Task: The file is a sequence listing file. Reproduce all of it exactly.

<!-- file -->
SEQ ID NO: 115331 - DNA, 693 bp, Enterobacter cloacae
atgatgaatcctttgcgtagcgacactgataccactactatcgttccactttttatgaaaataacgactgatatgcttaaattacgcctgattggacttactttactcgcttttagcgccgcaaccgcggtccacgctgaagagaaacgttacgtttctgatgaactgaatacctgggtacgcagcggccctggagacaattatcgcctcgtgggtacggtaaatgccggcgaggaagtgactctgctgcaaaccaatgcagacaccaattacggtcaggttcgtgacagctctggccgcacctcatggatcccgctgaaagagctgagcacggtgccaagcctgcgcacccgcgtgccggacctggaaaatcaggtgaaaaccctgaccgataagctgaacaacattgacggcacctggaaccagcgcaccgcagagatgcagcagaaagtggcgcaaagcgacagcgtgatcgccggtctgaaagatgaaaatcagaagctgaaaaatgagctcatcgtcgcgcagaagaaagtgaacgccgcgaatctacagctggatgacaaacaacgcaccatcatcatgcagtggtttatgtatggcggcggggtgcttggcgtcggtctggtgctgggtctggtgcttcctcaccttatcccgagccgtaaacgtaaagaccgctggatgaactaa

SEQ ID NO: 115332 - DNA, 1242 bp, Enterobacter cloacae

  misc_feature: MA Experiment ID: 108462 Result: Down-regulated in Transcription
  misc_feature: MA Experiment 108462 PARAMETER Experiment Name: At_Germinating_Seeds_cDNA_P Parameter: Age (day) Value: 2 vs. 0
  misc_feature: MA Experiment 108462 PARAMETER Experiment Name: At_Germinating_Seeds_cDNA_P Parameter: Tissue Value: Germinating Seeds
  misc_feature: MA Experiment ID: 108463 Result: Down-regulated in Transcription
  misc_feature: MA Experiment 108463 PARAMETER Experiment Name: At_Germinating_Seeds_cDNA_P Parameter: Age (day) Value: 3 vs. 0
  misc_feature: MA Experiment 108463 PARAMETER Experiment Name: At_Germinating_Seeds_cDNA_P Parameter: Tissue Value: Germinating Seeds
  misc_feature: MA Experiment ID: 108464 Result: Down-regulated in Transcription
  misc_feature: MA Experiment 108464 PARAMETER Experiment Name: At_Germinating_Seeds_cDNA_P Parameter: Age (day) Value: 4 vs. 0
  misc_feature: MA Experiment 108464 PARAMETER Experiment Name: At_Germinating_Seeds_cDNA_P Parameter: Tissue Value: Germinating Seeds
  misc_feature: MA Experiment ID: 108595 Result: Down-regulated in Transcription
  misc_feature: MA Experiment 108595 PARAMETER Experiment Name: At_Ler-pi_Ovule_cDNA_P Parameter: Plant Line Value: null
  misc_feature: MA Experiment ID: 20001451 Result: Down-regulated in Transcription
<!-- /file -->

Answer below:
SEQ ID NO: 115331 - DNA, 693 bp, Enterobacter cloacae
atgatgaatcctttgcgtagcgacactgataccactactatcgttccactttttatgaaaataacgactgatatgcttaaattacgcctgattggacttactttactcgcttttagcgccgcaaccgcggtccacgctgaagagaaacgttacgtttctgatgaactgaatacctgggtacgcagcggccctggagacaattatcgcctcgtgggtacggtaaatgccggcgaggaagtgactctgctgcaaaccaatgcagacaccaattacggtcaggttcgtgacagctctggccgcacctcatggatcccgctgaaagagctgagcacggtgccaagcctgcgcacccgcgtgccggacctggaaaatcaggtgaaaaccctgaccgataagctgaacaacattgacggcacctggaaccagcgcaccgcagagatgcagcagaaagtggcgcaaagcgacagcgtgatcgccggtctgaaagatgaaaatcagaagctgaaaaatgagctcatcgtcgcgcagaagaaagtgaacgccgcgaatctacagctggatgacaaacaacgcaccatcatcatgcagtggtttatgtatggcggcggggtgcttggcgtcggtctggtgctgggtctggtgcttcctcaccttatcccgagccgtaaacgtaaagaccgctggatgaactaa

SEQ ID NO: 115332 - DNA, 1242 bp, Enterobacter cloacae

  misc_feature: MA Experiment ID: 108462 Result: Down-regulated in Transcription
  misc_feature: MA Experiment 108462 PARAMETER Experiment Name: At_Germinating_Seeds_cDNA_P Parameter: Age (day) Value: 2 vs. 0
  misc_feature: MA Experiment 108462 PARAMETER Experiment Name: At_Germinating_Seeds_cDNA_P Parameter: Tissue Value: Germinating Seeds
  misc_feature: MA Experiment ID: 108463 Result: Down-regulated in Transcription
  misc_feature: MA Experiment 108463 PARAMETER Experiment Name: At_Germinating_Seeds_cDNA_P Parameter: Age (day) Value: 3 vs. 0
  misc_feature: MA Experiment 108463 PARAMETER Experiment Name: At_Germinating_Seeds_cDNA_P Parameter: Tissue Value: Germinating Seeds
  misc_feature: MA Experiment ID: 108464 Result: Down-regulated in Transcription
  misc_feature: MA Experiment 108464 PARAMETER Experiment Name: At_Germinating_Seeds_cDNA_P Parameter: Age (day) Value: 4 vs. 0
  misc_feature: MA Experiment 108464 PARAMETER Experiment Name: At_Germinating_Seeds_cDNA_P Parameter: Tissue Value: Germinating Seeds
  misc_feature: MA Experiment ID: 108595 Result: Down-regulated in Transcription
  misc_feature: MA Experiment 108595 PARAMETER Experiment Name: At_Ler-pi_Ovule_cDNA_P Parameter: Plant Line Value: null
  misc_feature: MA Experiment ID: 20001451 Result: Down-regulated in Transcription